During the restoration of Chapel of Bethlehem back in the early '90s, sculptor Jean-Louis Boistel decided to replace the building’s crumbling gargoyles with a few pop-culture icons. This included Gizmo and a gremlin from the movie Gremlins, an Alien xenomorph, and a robot from the popular anime UFO Robot Grendizer. Many locals were put off by Boistel’s creations, which are technically grotesques, but enough young movie fans got behind the "geek chapel" idea to get it approved.

10. THERE'S A DARTH VADER GARGOYLE IN WASHINGTON D.C.

Back in the '80s, the Washington National Cathedral held a contest for kids to design its newest gargoyle. Coming on the heels of the Star Wars trilogy, of course someone proposed a Darth Vader gargoyle. The cathedral, which had already installed some off-the-wall gargoyles and grotesques during its extensive restoration work, named 13-year-old Christopher Rader's design as one of its winners, and in 1986 put Lord Vader high up on the cathedral’s "dark side" north wall. It can be difficult to spot, but the cathedral offers this handy guide.

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History
The Secret World War II History Hidden in London's Fences

In South London, the remains of the UK’s World War II history are visible in an unlikely place—one that you might pass by regularly and never take a second look at. In a significant number of housing estates, the fences around the perimeter are actually upcycled medical stretchers from the war, as the design podcast 99% Invisible reports.

During the Blitz of 1940 and 1941, the UK’s Air Raid Precautions department worked to protect civilians from the bombings. The organization built 60,000 steel stretchers to carry injured people during attacks. The metal structures were designed to be easy to disinfect in case of a gas attack, but that design ended up making them perfect for reuse after the war.

Many London housing developments at the time had to remove their fences so that the metal could be used in the war effort, and once the war was over, they were looking to replace them. The London County Council came up with a solution that would benefit everyone: They repurposed the excess stretchers that the city no longer needed into residential railings.

You can tell a stretcher railing from a regular fence because of the curves in the poles at the top and bottom of the fence. They’re hand-holds, designed to make it easier to carry it.

Unfortunately, decades of being exposed to the elements have left some of these historic artifacts in poor shape, and some housing estates have removed them due to high levels of degradation. The Stretcher Railing Society is currently working to preserve these heritage pieces of London infrastructure.

As of right now, though, there are plenty of stretchers you can still find on the streets. If you're in the London area, this handy Google map shows where you can find the historic fencing.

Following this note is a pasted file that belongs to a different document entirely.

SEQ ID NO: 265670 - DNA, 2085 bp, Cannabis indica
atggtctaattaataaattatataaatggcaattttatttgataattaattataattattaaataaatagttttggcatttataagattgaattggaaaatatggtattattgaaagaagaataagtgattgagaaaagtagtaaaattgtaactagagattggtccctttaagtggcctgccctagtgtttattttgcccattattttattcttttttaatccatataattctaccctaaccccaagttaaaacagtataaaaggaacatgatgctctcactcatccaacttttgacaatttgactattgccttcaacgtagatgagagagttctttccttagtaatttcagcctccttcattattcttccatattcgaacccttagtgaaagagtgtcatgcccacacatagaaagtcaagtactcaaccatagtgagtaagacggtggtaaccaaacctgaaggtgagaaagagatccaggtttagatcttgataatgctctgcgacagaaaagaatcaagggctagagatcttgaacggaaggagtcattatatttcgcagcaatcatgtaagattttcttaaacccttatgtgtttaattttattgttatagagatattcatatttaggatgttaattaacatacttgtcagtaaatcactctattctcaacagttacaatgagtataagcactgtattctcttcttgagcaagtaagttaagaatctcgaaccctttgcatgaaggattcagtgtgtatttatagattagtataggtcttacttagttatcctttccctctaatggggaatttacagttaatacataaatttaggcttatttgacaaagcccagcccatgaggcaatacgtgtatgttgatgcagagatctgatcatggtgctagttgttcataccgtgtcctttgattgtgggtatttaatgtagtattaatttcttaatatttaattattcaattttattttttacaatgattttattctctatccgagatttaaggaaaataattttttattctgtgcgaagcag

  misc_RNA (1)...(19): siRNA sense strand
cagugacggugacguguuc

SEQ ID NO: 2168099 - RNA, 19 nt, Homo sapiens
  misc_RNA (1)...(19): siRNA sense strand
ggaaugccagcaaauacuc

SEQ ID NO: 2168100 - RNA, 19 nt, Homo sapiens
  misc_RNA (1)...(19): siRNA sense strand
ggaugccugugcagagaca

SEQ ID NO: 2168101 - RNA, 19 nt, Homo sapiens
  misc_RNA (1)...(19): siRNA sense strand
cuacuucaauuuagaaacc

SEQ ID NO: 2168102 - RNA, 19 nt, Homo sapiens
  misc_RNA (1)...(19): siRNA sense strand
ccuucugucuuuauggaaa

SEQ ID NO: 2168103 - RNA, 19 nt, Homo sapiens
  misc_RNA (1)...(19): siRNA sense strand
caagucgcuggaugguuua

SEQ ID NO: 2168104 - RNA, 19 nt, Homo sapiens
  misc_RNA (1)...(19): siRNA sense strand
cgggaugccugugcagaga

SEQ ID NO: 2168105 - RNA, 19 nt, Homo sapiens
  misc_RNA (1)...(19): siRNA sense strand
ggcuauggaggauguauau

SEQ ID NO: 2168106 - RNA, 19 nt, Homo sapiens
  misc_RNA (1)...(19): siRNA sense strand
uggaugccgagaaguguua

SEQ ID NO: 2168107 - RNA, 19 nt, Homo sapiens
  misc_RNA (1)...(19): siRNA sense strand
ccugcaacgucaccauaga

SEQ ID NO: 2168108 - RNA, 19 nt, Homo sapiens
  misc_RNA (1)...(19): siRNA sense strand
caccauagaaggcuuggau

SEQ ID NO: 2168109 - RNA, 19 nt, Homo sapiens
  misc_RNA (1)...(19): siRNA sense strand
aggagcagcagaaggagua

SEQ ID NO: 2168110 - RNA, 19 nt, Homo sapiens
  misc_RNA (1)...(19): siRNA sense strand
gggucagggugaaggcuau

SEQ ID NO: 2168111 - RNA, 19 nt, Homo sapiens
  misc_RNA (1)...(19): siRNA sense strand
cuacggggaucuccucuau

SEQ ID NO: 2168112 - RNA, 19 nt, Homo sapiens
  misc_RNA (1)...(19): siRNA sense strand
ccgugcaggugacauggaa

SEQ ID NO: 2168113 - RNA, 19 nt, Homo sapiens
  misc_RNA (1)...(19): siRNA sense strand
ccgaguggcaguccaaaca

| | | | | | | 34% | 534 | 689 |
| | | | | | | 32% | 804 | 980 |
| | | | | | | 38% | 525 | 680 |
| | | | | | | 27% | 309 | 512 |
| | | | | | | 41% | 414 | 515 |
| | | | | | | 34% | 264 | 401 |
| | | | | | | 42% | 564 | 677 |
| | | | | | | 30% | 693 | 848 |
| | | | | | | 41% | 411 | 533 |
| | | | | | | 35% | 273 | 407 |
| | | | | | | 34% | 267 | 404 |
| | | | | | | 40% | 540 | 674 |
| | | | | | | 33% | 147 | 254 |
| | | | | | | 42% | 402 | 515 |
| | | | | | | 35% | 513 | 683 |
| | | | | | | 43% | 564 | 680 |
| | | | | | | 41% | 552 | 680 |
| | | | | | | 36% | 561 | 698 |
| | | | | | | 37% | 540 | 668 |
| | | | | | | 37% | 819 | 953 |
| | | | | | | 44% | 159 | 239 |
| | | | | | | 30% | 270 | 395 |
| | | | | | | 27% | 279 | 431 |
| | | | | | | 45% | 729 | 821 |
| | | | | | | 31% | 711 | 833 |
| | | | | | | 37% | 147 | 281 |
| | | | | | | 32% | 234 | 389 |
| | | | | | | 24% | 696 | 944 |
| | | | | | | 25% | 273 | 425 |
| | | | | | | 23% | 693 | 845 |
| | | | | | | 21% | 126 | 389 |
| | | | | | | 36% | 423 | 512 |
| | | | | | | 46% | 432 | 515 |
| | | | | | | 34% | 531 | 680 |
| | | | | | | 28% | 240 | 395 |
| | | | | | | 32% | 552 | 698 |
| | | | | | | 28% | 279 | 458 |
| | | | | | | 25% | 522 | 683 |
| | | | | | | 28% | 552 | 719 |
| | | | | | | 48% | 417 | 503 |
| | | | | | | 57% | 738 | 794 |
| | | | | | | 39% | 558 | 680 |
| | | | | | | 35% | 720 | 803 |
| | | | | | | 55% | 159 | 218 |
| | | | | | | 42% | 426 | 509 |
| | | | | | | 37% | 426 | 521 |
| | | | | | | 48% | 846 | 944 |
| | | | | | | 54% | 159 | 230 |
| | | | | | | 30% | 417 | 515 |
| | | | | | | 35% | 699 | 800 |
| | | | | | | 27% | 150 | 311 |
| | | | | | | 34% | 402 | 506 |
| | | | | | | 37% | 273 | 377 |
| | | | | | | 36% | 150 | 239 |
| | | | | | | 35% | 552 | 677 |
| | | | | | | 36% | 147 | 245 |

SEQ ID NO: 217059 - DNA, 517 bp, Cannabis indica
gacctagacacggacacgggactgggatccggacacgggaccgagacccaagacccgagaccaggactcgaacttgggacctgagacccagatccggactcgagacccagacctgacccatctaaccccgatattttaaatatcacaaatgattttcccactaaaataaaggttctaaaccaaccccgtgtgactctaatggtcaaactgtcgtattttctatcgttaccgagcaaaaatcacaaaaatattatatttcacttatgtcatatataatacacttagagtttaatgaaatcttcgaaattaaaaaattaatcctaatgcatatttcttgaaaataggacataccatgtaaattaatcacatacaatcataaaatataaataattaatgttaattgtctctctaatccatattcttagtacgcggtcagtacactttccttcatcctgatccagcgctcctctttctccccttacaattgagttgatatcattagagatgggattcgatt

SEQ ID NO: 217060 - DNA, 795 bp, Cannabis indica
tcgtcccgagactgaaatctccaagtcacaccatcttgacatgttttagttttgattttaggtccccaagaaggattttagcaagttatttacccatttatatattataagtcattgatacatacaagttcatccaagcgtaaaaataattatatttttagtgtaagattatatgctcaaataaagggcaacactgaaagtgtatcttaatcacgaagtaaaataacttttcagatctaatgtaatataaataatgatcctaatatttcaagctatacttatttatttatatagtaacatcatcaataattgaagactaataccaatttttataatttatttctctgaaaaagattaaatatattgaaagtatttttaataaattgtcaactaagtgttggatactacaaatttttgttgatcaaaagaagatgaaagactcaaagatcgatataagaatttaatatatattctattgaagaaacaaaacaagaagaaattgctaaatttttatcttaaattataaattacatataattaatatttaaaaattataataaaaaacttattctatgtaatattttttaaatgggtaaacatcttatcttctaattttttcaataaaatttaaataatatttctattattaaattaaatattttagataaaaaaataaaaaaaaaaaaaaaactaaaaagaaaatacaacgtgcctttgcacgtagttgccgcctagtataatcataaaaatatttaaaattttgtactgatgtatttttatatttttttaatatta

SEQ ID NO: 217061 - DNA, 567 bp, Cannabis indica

[h/t 99% Invisible]

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This Just In
For $61, You Can Become a Co-Owner of This 13th-Century French Castle
Guillaume Souvant, Getty Images
Guillaume Souvant, Getty Images

A cultural heritage restoration site recently invited people to buy a French castle for as little as $61. The only catch? You'll be co-owning it with thousands of other donors. Now thousands of shareholders are responsible for the fate of the Château de la Mothe-Chandeniers in western France, and there's still room for more people to participate.

According to Mashable, the dilapidated structure has a rich history. Since its construction in the 13th century, the castle has been invaded by foreign forces, looted, renovated, and devastated by a fire. Friends of Château de la Mothe-Chandeniers, a small foundation formed in 2016 in an effort to conserve the overgrown property, want to see the castle restored to its former glory.

Thanks to a crowdfunding collaboration with the cultural heritage restoration platform Dartagnans, the group is closer than ever to realizing its mission. More than 9000 web users have contributed €51 ($61) or more to the campaign to “adopt” Mothe-Chandeniers. Now that the original €500,000 goal has been fulfilled, the property’s new owners are responsible for deciding what to do with their purchase.

“We intend to create a dedicated platform that will allow each owner to monitor the progress of works, events, project proposals and build a real collaborative and participatory project,” the campaign page reads. “To make an abandoned ruin a collective work is the best way to protect it over time.”

Even though the initial goal has been met, Dartagnans will continue accepting funds for the project through December 25. Money collected between now and then will be used to pay for various fees related to the purchase of the site, and new donors will be added to the growing list of owners.

The shareholders will be among the first to see the cleared-out site during an initial visit next spring. The rest of the public will have to wait until it’s fully restored to see the final product.

[h/t Mashable]